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Meet Brian Wilson’s Secret Weapon: Darian Sahanaja

Keyboardist has been the backbone of the Beach Boy’s live show and studio recordings for the past 16 years

Darian SahanajaDarian Sahanaja

Darian Sahanaja

Jason LaVeris/FilmMagic/Getty

Darian Sahanaja

Darian Sahanaja has been Brian Wilson’s keyboardist and musical director ever since the Beach Boy returned to the road as a solo artist in 1999, but some nights he still looks around the stage and can barely believe what he’s a part of. “It can be mind-blowing,” he says. “If we’re playing ‘God Only Knows’ and I look around and see Brian and my buddies Probyn [Gregory] and Nick [Walusko] I can just lose it thinking about how we’re all here because of this music.”

Sahanaja has been a huge Beach Boys and Brian Wilson fan ever since he first heard “I Get Around” on Los Angeles radio as an adolescent in the mid-1970s. “It blew my mind,” he says. “I thought it was a current song, so I was surprised to hear it was 10 years old. The first record I bought with my own money was [the 1974 Beach Boys hits compilation] Endless Summer. I was like, ‘Oh my God! I can own this music and play it any time I want?'”

As he got older, Sahanaja read the David Leaf book The Beach Boys and the California Myth and immersed himself in Pet Sounds and other post-surf-song compositions by the band. “I knew about Smile as this mythical, unfinished album,” he says. “Then in the early 1980s little snippets of the album started to leak. When I met Nick Walusko, who I formed the Wondermints with, one of the first things we bonded over was Smile bootlegs. We got to know [music historian] Domenic Priore and a small group of us became the Smile intelligentsia of that period.”

It was another 10 years until Sahanaja finally crossed paths with Wilson. His band the Wondermints were playing a Brian Wilson charity tribute show in Los Angeles on a bill with Alex Chilton and Apples in Stereo when the man himself showed up unexpectedly backstage. “We were playing his song ‘This Whole World,'” says Sahanaja. “Apparently he perked up and was like, ‘Who is that? What is that? It sounds amazing.’ Somebody had to remind him it was a song he actually wrote since he had forgotten about it.”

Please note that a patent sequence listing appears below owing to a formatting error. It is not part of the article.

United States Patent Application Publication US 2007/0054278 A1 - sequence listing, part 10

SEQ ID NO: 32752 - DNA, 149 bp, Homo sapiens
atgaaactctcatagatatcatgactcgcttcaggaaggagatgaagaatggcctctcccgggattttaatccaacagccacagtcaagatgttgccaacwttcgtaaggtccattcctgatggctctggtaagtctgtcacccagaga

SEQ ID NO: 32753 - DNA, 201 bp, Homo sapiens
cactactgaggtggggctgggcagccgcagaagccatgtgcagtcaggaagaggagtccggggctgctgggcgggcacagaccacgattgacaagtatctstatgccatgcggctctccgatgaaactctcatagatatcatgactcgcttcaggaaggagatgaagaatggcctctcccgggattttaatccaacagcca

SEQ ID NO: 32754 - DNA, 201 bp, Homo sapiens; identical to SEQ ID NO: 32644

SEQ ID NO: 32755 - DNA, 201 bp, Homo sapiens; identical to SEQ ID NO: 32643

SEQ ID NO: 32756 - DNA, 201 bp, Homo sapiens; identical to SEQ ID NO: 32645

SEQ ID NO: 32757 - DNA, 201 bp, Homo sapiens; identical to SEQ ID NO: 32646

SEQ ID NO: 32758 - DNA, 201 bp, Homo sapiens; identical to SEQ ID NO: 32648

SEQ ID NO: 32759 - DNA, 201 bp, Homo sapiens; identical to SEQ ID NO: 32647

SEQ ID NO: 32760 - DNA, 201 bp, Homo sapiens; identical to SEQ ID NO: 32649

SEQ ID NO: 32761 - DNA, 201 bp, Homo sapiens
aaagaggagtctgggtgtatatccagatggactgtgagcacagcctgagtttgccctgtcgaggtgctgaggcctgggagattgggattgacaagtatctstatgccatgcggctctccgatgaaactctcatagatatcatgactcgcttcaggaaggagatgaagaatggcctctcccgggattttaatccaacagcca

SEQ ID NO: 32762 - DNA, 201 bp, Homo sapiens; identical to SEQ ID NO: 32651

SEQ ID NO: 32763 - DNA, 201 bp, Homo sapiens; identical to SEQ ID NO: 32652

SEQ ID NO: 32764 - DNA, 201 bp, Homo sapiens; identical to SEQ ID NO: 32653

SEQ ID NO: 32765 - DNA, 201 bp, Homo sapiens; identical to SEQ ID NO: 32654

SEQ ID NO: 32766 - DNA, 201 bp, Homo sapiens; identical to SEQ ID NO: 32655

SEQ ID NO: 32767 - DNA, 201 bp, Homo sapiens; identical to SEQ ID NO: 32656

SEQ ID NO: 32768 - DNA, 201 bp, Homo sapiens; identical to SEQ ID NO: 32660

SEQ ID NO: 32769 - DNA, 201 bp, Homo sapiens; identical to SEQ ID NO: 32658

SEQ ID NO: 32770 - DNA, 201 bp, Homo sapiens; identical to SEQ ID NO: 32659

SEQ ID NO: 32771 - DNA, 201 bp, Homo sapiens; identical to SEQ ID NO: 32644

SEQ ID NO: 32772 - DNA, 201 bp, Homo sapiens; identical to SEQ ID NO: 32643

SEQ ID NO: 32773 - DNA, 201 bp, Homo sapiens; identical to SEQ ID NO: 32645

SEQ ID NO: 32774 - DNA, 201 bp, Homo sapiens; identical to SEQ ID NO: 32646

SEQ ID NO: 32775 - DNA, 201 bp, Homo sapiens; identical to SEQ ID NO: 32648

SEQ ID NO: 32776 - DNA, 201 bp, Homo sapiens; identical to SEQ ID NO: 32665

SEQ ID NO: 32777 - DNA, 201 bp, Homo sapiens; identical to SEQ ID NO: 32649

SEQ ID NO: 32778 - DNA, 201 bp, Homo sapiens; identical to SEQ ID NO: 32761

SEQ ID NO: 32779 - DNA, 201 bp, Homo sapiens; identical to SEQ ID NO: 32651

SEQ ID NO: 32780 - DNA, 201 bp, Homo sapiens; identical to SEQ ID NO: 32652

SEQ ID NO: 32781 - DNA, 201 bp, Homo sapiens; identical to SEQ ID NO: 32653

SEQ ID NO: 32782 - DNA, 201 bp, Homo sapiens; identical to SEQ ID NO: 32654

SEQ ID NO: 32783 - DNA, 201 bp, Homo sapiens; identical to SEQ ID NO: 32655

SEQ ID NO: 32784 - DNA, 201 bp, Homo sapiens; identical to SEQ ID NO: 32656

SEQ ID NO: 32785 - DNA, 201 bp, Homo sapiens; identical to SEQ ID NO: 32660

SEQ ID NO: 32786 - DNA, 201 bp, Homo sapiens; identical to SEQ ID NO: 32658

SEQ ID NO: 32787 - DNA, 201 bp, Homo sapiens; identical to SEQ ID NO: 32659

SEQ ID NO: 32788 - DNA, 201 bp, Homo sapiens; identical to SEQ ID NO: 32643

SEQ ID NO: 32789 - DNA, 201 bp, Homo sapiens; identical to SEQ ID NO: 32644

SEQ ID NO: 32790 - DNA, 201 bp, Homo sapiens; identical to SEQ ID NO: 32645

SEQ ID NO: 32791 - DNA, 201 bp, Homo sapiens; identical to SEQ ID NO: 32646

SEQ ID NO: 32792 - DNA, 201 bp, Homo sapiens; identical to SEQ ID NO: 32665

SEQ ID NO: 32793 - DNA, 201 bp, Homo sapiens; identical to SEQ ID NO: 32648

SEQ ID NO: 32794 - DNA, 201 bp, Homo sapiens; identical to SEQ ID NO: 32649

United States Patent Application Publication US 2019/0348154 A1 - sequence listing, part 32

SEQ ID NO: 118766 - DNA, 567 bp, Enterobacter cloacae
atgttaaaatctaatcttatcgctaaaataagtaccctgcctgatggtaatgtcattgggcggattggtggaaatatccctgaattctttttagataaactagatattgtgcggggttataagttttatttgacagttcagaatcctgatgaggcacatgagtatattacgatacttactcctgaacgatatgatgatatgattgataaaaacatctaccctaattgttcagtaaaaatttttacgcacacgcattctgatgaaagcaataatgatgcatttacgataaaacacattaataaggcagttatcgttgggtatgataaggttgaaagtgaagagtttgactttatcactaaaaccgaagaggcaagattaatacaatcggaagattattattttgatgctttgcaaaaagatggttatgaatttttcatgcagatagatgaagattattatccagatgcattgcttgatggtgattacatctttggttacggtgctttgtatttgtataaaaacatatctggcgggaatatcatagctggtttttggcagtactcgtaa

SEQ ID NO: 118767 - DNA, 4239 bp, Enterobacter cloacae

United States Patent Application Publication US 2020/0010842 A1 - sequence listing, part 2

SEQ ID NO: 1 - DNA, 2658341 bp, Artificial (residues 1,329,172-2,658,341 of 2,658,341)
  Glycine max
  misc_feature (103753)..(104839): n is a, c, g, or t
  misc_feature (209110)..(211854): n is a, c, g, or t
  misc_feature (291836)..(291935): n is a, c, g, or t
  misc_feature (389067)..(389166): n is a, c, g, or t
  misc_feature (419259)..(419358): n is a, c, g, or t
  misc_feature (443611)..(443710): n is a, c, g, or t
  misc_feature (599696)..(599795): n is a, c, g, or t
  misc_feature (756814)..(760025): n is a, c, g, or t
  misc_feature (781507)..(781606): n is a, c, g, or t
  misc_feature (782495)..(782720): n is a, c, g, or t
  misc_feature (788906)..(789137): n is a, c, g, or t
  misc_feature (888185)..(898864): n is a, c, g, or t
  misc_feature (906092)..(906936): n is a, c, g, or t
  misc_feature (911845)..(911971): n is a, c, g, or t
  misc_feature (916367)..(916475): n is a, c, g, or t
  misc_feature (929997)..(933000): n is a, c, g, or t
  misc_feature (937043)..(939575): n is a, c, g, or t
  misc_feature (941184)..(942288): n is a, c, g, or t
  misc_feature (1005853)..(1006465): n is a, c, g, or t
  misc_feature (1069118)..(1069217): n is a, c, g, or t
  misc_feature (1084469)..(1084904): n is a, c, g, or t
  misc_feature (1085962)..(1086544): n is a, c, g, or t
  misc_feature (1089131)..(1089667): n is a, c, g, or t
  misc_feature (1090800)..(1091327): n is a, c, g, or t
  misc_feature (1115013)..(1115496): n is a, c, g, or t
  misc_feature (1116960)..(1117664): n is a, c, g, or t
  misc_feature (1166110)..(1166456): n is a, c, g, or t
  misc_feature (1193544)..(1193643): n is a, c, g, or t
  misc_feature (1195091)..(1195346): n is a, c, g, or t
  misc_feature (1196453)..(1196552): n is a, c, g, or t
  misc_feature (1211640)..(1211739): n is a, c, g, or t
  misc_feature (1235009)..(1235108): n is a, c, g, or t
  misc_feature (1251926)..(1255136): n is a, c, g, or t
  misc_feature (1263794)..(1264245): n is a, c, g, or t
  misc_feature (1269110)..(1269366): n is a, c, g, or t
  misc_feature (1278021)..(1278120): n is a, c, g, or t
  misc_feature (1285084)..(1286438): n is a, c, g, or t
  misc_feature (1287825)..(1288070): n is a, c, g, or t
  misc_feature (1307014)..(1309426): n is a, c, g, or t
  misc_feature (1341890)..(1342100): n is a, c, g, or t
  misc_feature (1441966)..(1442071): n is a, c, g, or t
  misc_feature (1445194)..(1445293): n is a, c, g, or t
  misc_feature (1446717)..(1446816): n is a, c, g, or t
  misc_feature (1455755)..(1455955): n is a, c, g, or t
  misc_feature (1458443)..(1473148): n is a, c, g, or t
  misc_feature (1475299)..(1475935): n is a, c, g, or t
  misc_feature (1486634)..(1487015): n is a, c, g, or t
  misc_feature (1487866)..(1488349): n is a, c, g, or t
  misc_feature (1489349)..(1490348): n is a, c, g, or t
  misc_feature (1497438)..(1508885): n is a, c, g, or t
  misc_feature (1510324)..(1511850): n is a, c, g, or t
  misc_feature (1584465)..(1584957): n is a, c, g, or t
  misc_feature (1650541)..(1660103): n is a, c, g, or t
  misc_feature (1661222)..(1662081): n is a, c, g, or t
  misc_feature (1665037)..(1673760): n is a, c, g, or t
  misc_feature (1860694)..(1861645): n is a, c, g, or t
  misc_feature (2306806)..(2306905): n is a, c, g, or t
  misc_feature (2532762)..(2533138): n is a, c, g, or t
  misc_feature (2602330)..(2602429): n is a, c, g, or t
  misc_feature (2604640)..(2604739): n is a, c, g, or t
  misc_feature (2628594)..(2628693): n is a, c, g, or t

They met briefly backstage, and upon the urging of legendary L.A. DJ Rodney Bingenheimer, Brian agreed to let Sahanaja and the Wondermints back him on a couple of radio shows, and a few years later when Wilson agreed to tour in support of his solo disc Imagination Sahanaja and the Wondermints got the gig. “It was surreal and a bit nerve-racking at first,” he says. “He’s very fragile. I was concerned he wasn’t going to make it through a whole song, let alone a show. During those first few shows I remember thinking, ‘This is gonna be the one where he bolts after a song.’ But he made it through the next one and the next one. Before I knew it, we had a mini-tour in our pockets. We were so thrilled.”

“As a teenager I refused to see the Beach Boys because Brian wasn’t playing with them. I was a little snob.”

The tour was a huge success, and before Sahanaja knew it, he was touring the world with Brian playing the entirety of Pet Sounds night after night. Things got even more surreal in early 2004 when Wilson decided to resurrect Smile, with Sahanaja serving as his right-hand man on the ambitious project. The former Smile junkie now had access to the every second of archival tape from the aborted album in pristine audio quality, and eventually the album’s original lyricist Van Dyke Parks joined them. “The whole thing was mind-blowing,” he says. “But it’s like that old superhero thing: with great power comes great responsibility.”

In the years after the long Smile tour, rumors of a Beach Boys reunion tour swirled. Oddly enough, Sahanaja had never actually seen a Beach Boys concert. “As a teenager I refused to see them because Brian wasn’t playing with them,” he says. “I was a little snob. I was such a fan of their production and recordings that the live performances always seemed dumbed down to me. I just couldn’t appreciate them as live performers when I was younger.” 

Brian Wilson

He made up for lost time in 2012 when he played about 85 concerts with the reunited Beach Boys. “We had Al Jardine as a guest singer [on Brian’s 2006 tour],” says Sahanaja. “And I just remember thinking, ‘Oh my God, his voice!’ It added so much authenticity. And then later to have Mike Love and Bruce [Johnson] and all those voices together. Those guys have something very, very special and magical.”